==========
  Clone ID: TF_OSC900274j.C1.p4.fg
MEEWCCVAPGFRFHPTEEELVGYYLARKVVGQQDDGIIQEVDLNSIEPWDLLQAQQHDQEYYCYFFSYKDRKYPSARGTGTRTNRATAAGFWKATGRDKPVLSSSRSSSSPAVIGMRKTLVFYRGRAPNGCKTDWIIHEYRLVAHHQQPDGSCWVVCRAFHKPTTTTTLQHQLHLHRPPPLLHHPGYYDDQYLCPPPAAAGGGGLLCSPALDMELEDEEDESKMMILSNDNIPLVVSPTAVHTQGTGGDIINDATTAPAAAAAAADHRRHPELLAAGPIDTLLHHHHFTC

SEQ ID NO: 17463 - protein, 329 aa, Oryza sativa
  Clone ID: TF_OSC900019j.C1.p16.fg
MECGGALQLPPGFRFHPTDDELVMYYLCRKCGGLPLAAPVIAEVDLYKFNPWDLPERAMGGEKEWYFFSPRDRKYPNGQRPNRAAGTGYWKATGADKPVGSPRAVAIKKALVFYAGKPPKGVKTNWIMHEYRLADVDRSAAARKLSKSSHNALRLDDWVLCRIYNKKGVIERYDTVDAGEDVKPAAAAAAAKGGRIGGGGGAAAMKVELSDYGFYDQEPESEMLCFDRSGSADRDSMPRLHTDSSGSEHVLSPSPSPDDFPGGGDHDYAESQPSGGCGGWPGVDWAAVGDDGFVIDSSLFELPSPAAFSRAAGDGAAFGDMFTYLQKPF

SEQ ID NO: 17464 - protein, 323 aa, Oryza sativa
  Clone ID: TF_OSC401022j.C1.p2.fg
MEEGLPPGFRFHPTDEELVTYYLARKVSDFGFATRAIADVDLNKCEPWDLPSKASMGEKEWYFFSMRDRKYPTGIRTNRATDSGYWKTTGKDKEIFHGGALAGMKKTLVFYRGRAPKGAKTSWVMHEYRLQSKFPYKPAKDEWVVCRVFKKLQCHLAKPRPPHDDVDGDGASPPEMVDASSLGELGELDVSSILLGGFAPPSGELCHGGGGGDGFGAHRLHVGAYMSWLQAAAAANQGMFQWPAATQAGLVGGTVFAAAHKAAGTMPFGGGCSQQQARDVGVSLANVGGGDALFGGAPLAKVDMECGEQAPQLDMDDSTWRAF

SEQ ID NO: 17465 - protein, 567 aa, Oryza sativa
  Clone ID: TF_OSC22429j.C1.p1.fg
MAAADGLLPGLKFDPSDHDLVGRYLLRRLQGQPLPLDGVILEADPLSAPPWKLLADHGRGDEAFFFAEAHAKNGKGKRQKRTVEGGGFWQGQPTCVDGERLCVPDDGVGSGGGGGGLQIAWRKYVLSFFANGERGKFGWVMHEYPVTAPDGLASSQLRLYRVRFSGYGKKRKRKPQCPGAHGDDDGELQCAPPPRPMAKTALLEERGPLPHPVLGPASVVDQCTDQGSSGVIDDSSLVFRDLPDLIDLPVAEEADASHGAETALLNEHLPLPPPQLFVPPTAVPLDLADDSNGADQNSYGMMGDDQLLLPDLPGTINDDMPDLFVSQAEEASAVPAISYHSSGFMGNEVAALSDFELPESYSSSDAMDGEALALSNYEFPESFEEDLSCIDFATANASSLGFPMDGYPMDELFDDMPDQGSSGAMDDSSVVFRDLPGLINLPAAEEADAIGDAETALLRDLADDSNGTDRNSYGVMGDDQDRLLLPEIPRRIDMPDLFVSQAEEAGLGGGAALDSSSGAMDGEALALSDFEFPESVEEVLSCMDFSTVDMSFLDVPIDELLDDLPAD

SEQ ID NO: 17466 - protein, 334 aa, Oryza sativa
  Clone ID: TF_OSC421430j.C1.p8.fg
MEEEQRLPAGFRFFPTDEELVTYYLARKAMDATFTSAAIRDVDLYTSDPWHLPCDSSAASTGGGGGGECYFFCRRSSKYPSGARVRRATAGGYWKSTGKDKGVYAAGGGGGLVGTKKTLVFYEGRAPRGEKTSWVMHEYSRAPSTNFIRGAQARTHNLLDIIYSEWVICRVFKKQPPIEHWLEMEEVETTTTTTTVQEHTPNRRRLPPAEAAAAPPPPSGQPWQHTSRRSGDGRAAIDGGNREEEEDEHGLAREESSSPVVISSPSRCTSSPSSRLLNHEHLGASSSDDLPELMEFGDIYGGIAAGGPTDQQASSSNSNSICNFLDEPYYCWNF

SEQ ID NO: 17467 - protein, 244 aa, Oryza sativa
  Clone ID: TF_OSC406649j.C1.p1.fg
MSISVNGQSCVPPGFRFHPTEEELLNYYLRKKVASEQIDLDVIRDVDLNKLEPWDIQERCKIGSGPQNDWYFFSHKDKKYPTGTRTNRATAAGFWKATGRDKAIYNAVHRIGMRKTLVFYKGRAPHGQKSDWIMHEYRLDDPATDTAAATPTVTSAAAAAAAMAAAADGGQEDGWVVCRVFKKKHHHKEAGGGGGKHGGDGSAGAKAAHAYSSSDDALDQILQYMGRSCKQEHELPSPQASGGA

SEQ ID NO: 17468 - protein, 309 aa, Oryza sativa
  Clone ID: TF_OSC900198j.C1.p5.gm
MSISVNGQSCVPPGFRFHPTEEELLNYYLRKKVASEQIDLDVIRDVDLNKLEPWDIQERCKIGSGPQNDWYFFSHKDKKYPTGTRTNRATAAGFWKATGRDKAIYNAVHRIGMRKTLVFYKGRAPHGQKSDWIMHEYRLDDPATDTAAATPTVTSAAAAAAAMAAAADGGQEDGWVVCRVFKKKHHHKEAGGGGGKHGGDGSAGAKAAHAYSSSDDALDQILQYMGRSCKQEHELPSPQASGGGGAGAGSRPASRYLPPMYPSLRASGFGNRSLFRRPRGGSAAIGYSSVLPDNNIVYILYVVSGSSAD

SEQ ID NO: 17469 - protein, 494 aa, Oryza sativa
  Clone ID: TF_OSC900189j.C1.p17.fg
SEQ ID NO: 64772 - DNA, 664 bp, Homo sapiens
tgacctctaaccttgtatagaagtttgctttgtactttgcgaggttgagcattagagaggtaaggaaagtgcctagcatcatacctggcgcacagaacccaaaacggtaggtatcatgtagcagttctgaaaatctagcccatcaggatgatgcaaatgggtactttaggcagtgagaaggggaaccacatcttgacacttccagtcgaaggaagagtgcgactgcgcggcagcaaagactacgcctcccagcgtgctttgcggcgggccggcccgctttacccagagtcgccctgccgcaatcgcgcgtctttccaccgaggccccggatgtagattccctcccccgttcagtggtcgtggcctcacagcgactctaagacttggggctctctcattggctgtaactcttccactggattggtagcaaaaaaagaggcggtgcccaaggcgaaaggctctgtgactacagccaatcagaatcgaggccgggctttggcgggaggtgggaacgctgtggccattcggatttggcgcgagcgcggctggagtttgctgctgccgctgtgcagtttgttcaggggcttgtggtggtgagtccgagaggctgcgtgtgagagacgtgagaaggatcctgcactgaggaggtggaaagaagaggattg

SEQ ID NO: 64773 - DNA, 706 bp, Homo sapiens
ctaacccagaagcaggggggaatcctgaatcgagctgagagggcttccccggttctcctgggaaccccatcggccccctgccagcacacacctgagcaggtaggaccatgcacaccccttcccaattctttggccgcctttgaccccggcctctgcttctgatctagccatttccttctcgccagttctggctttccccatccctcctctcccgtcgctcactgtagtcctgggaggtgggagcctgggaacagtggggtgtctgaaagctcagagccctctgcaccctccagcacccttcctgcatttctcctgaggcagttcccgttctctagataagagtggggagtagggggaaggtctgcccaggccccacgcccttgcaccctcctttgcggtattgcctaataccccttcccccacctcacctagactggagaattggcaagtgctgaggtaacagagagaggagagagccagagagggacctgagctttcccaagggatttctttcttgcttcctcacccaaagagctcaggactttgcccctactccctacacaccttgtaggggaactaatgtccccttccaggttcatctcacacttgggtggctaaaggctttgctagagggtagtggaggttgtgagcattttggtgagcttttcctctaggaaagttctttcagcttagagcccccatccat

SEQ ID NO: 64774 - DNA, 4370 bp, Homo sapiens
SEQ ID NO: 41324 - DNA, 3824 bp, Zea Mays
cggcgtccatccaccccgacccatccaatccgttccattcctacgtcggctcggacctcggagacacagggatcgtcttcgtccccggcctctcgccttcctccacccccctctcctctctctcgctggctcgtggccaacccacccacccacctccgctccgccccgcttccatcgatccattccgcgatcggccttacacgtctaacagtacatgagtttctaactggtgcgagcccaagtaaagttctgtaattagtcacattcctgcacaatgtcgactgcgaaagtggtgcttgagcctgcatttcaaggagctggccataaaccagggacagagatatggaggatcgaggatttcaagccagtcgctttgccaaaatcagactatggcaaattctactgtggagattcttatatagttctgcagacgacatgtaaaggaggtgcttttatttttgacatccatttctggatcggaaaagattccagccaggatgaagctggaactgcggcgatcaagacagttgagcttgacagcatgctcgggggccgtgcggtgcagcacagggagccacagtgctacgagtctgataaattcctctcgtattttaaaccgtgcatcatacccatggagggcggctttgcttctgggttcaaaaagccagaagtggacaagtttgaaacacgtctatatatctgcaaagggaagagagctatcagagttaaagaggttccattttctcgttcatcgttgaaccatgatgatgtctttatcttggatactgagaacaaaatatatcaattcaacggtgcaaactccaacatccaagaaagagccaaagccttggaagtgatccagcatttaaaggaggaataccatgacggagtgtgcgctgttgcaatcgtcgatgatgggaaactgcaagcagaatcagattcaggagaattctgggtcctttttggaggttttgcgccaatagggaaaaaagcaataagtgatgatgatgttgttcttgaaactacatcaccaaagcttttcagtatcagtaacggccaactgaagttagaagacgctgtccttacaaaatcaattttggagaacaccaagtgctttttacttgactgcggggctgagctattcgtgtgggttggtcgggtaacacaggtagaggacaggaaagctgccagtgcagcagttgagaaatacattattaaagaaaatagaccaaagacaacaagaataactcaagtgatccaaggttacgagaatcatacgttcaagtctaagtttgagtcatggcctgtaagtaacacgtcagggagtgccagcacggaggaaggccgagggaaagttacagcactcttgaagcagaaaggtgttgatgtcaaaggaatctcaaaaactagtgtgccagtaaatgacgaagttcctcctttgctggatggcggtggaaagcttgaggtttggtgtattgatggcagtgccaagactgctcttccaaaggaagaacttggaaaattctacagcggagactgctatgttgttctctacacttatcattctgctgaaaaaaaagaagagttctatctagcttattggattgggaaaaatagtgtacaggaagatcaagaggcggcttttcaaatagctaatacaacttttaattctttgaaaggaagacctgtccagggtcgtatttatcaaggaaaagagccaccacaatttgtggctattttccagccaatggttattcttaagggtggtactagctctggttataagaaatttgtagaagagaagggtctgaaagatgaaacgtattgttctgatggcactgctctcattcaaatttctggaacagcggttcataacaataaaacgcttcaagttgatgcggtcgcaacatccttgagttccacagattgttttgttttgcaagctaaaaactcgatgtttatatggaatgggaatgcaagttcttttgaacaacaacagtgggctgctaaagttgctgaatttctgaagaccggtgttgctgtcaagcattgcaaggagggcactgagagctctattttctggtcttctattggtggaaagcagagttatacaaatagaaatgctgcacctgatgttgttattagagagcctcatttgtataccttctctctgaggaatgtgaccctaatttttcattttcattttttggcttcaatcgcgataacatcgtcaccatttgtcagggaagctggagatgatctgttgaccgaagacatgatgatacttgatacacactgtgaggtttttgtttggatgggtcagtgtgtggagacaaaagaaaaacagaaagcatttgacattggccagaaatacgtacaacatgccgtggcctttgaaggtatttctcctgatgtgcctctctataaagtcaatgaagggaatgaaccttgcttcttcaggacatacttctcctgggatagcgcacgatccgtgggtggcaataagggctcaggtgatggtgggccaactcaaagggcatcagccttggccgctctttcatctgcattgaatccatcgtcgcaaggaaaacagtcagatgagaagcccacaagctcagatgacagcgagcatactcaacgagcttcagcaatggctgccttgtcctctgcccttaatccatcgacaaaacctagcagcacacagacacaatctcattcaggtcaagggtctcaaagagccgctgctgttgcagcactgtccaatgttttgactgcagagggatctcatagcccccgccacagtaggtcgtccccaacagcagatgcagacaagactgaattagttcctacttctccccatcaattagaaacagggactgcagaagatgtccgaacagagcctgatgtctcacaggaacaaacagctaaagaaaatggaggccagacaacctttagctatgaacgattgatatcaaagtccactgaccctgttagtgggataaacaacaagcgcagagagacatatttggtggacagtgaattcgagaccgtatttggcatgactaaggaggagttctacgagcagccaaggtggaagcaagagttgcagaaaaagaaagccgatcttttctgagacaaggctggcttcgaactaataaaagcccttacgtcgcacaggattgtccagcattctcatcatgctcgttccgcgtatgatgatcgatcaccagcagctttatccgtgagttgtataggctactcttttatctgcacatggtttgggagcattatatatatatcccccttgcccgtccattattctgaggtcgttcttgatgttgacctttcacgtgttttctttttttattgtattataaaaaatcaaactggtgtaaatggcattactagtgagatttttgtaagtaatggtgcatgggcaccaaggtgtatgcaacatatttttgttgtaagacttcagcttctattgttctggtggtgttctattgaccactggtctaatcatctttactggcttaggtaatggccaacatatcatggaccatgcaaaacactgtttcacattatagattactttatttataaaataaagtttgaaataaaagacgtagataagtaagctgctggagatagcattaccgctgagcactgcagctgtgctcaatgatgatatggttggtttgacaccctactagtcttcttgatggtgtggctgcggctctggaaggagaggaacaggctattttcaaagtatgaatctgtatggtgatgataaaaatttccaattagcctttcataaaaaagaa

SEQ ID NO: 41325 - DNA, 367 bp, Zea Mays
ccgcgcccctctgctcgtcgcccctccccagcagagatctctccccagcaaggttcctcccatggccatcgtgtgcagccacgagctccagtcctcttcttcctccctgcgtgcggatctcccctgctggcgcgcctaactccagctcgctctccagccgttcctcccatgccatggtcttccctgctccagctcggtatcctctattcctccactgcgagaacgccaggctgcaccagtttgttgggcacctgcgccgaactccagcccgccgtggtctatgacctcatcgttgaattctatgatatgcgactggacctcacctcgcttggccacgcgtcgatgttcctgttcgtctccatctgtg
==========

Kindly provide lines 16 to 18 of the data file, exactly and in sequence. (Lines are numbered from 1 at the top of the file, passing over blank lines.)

  Clone ID: TF_OSC406649j.C1.p1.fg
MSISVNGQSCVPPGFRFHPTEEELLNYYLRKKVASEQIDLDVIRDVDLNKLEPWDIQERCKIGSGPQNDWYFFSHKDKKYPTGTRTNRATAAGFWKATGRDKAIYNAVHRIGMRKTLVFYKGRAPHGQKSDWIMHEYRLDDPATDTAAATPTVTSAAAAAAAMAAAADGGQEDGWVVCRVFKKKHHHKEAGGGGGKHGGDGSAGAKAAHAYSSSDDALDQILQYMGRSCKQEHELPSPQASGGA

SEQ ID NO: 17468 - protein, 309 aa, Oryza sativa